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12L14 Steel good enough?

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I asked a gunsmith friend and retired US Army armorer who is a Douglas barrel devotee about this. He said in the 1970s, he saw as many as 30 Pratt and Whitney rifling machines making ML barrels at Douglas -- until some guy did in fact fail to seat a ball and blew up one of their 12L14 barrels. They just stopped making them. His recommendation: 4140 tubing.
 
Although it's leaded steel for good machinability, it's still pretty strong and will likely work okay but I'd have to research some numbers to say for sure. Some materials might surprise you.

I use to do alot of stupid stuff as a kid. That included taking a 8 inch length of 1/2 ID plumbing pipe, hammering a crappy cast steel 3/8 socket (the dark gray Chinese ones) into the back of it, and it really took some force because it was oversized, and then I poured a palm full of black powder into it and screwed on a pipe cap that had a fuse hole drilled into it. Set it out on the back stone wall aiming towards the woods and lit the fuse and ran to hide behind the garage.

💥 BOOM.... I thought for sure it exploded but it actually shot the socket out and didn't even bulge the piece of pipe.
 
It does not matter what material one uses for a barrel. As long as you make the barrel suit the material. Old time cannon were made of cast iron and worked fine with balls weighing by the pound not the grain yet people would be incensed it one made a musket out of cast iron. Wood, bamboo and copper have all been used to make guns of some sort.12L14 will work fine if you treat it within its ability. If such barrels have failed then either the user mistreated them or the maker did not use enough of it for the task and/or made it badly.
 
We are gonna turn a Hand Gonne out of 12L14. The chamber area will be 2" Thick with a .750 bore. No way that thing is coming apart with measly 40 -50 grain charge.
Sounds impressive - a barrel wall thickness of .625 per side! So long as normal precautions and procedures are used, I would feel very comfortable shooting with that arrangement.
Have fun with the build and keep us posted with progress
 
It's probably gonna be a bit on the heavy side. But we will see. I'll post up some progress pics whenever we get started. My Friend down at the Mill, has to have a knee replacement coming up soon, so we won't be able to start on it until he gets a little better after surgery.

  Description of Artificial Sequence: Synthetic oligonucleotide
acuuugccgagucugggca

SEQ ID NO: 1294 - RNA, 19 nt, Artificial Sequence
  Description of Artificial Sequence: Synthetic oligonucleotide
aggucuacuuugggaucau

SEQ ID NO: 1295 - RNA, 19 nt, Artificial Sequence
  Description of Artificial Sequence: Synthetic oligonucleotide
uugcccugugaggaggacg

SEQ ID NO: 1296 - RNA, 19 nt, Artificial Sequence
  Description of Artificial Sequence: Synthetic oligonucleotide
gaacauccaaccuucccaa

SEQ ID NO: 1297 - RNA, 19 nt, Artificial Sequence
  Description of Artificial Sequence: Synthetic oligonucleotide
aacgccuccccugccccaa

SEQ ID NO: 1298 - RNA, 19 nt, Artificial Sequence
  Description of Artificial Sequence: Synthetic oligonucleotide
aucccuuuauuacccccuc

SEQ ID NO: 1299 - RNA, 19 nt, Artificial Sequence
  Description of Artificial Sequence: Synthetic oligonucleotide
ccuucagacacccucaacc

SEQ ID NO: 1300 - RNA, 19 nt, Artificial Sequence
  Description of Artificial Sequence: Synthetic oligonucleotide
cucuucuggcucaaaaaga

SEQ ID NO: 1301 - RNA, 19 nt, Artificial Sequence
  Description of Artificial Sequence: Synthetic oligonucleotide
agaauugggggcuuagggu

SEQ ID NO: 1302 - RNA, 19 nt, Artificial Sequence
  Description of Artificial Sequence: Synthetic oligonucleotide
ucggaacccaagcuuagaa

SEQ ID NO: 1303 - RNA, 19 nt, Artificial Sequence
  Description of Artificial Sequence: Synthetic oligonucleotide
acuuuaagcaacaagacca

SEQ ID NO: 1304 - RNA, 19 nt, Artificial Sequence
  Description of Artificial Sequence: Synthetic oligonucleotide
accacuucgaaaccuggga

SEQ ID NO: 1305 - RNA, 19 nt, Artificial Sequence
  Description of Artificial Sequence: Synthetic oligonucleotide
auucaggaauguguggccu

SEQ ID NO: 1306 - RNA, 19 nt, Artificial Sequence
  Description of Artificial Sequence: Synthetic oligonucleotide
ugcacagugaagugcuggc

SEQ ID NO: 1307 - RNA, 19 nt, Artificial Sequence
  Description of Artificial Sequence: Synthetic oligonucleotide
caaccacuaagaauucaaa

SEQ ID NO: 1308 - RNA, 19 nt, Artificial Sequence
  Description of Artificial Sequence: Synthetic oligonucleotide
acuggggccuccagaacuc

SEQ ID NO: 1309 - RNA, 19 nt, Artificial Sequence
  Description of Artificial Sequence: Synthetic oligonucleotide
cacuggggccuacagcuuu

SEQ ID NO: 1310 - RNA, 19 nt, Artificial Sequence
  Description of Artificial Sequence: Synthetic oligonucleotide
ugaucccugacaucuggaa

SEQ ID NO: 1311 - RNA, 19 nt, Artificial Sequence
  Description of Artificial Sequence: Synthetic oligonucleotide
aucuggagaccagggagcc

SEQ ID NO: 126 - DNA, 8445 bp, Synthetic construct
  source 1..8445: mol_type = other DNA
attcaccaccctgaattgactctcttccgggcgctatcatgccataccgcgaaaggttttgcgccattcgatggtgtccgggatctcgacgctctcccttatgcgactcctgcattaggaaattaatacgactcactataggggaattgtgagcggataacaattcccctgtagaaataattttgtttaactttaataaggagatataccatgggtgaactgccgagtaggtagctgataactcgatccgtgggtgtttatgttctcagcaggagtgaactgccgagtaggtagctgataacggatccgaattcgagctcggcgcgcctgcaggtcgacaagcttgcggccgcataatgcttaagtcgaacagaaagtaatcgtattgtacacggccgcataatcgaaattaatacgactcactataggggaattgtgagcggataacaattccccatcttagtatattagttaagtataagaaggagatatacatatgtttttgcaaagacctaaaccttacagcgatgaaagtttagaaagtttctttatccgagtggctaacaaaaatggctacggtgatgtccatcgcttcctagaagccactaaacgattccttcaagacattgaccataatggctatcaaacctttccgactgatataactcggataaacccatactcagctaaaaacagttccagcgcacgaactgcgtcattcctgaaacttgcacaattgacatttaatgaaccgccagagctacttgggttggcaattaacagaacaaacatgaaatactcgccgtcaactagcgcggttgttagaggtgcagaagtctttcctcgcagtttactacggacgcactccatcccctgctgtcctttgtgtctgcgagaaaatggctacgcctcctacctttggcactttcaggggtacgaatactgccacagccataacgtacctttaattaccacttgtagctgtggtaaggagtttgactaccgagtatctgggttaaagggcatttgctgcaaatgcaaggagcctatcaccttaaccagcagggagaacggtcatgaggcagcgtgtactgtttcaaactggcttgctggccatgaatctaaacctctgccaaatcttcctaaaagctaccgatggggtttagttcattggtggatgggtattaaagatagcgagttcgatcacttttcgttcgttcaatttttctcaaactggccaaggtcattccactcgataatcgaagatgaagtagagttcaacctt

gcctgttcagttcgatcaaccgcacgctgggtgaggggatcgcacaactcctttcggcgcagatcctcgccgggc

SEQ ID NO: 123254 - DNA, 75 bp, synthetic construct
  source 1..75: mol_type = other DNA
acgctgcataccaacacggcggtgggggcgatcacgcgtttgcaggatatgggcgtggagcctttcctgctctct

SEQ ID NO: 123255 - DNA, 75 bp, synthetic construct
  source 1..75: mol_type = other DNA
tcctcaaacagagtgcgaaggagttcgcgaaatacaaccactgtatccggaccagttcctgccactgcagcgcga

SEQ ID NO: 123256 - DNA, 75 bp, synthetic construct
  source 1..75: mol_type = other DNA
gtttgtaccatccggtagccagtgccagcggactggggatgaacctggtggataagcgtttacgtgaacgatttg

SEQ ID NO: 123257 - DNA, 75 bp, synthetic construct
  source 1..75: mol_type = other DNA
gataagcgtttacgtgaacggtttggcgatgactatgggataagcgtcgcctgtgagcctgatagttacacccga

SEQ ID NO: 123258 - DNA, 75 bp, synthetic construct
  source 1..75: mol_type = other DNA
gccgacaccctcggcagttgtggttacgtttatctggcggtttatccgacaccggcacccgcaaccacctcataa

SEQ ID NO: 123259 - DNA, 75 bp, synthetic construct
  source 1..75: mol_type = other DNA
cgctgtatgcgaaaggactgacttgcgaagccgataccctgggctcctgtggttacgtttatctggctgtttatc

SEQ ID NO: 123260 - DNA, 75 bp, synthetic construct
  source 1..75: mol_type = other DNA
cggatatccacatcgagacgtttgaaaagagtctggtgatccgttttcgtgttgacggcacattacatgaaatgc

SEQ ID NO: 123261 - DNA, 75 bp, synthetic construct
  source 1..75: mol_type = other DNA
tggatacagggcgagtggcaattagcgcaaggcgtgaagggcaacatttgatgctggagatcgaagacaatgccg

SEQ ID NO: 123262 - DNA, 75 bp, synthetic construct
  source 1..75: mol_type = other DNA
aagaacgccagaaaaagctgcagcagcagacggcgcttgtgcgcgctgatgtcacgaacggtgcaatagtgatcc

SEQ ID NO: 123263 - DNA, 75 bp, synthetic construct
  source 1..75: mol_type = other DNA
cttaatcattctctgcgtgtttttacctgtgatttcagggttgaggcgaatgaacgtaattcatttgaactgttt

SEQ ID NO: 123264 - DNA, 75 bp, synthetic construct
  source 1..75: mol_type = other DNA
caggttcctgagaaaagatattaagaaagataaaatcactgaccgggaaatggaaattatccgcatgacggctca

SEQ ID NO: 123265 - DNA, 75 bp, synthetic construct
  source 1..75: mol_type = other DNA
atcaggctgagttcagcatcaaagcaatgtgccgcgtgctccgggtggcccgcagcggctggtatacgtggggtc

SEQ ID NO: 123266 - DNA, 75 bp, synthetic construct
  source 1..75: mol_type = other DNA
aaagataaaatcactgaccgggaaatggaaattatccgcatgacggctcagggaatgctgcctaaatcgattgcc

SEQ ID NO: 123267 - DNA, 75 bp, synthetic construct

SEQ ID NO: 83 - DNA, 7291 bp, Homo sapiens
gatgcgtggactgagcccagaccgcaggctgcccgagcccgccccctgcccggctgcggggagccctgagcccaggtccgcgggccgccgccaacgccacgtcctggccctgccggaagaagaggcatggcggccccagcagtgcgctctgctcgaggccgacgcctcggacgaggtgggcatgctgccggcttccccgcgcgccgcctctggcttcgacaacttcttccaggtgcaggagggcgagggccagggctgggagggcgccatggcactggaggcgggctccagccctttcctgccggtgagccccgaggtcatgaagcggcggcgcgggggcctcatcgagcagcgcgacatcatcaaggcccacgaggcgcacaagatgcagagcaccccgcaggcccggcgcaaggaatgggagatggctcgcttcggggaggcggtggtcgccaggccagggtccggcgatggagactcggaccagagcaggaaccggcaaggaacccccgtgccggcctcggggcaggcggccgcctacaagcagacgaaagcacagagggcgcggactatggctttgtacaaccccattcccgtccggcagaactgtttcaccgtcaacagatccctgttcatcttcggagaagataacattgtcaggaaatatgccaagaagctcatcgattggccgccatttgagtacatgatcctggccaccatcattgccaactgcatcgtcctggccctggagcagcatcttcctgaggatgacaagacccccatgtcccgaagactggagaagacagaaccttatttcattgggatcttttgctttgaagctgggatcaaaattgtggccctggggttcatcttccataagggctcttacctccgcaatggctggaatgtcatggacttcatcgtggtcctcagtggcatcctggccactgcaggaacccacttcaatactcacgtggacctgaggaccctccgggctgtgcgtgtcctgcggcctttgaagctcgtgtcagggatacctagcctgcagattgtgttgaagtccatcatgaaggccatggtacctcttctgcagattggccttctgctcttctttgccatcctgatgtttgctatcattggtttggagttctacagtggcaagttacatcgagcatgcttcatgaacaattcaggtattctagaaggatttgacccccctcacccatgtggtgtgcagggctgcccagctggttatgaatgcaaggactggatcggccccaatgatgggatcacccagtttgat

Best wishes to you and your bud on milling. Are you planning to taper the barrel towards the muzzle? Full Octgon or ??
 
Oh yeah we will taper it down to the muzzle and turn down the rear section that the tiller will go in to. The bulk will be in the chamber area. I'm kinda basing it off the one that I have now with maybe some ques to the ones sold on sites like military heritage. My buddy thinks he's gonna help me for me. We will churn it out, and I will put a tiller on it and give it to him. I saw how he reacted to mine when took it down there to turn a handle for it. So he's gonna get this one.
 
It does not matter what material one uses for a barrel. As long as you make the barrel suit the material. Old time cannon were made of cast iron and worked fine with balls weighing by the pound not the grain yet people would be incensed it one made a musket out of cast iron. Wood, bamboo and copper have all been used to make guns of some sort.12L14 will work fine if you treat it within its ability. If such barrels have failed then either the user mistreated them or the maker did not use enough of it for the task and/or made it badly.

Personally i think 12L14 is fine, I’ve never seen or heard of one blowing up from regular use.

Hoyt, Rice, and Colerain all use a 12L14 grade of steel to cut their smoothbore barrels and rifled barrels.

I know Ed Rayl, I’m a regular customer of his, and Bobby Hoyt, Ed uses 8620 steel and I’ve even asked him personally about using 12L14, he says he’s used it and there’s nothing wrong with using it, he just prefers to machine with 8620. Neither Ed or Bobby use 4140 steel because of of its complications to machine and its cost prices out their customers.
 
It is true; it's why they stopped production years ago. I remember it.

It is true; it's why they stopped production years ago. I remember it.

According to THEM they stopped making black powder barrels all together to focus on other opportunities with stainless barrels, and this makes sense, as there is not a whole lot of profitability min making black powder barrels for business like the Rifle Shoppe.

In all of muzzle loading Years and experiences, I’ve only seen one 12L14 barrel fail and it was test a Don Getz, Don had tested the barrel with five times the normal load, didnt fail. The only time it failed was then the ball was short started at the muzzle, the barrel burst at the muzzle and this was done deliberately.
 
I'm thinking about ordering this.
https://militaryheritage.com/musket31.htm
11 bang bang's burst test gives me confidence that the so called "sewer pipe" barrel will hold up. It took something ridiculous like 1200 grains of powder to burst the barrel on his Indian Musket.
If I get it and it can hit a pie plate at 25-30 yards or so. Don't think I won't be sitting in a blind this year with a match cord smoldering. :D I got bored taking game with modern tools with high quality optics. I have taken enough to fill a roll off dumpster in my time that way. Now I prefer getting closer to them and using old style tools.
Hey, Front, you want a challenge? Try a flint knife while running beside the squirrel!
 
According to THEM they stopped making black powder barrels all together to focus on other opportunities with stainless barrels, and this makes sense, as there is not a whole lot of profitability min making black powder barrels for business like the Rifle Shoppe.

In all of muzzle loading Years and experiences, I’ve only seen one 12L14 barrel fail and it was test a Don Getz, Don had tested the barrel with five times the normal load, didnt fail. The only time it failed was then the ball was short started at the muzzle, the barrel burst at the muzzle and this was done deliberately.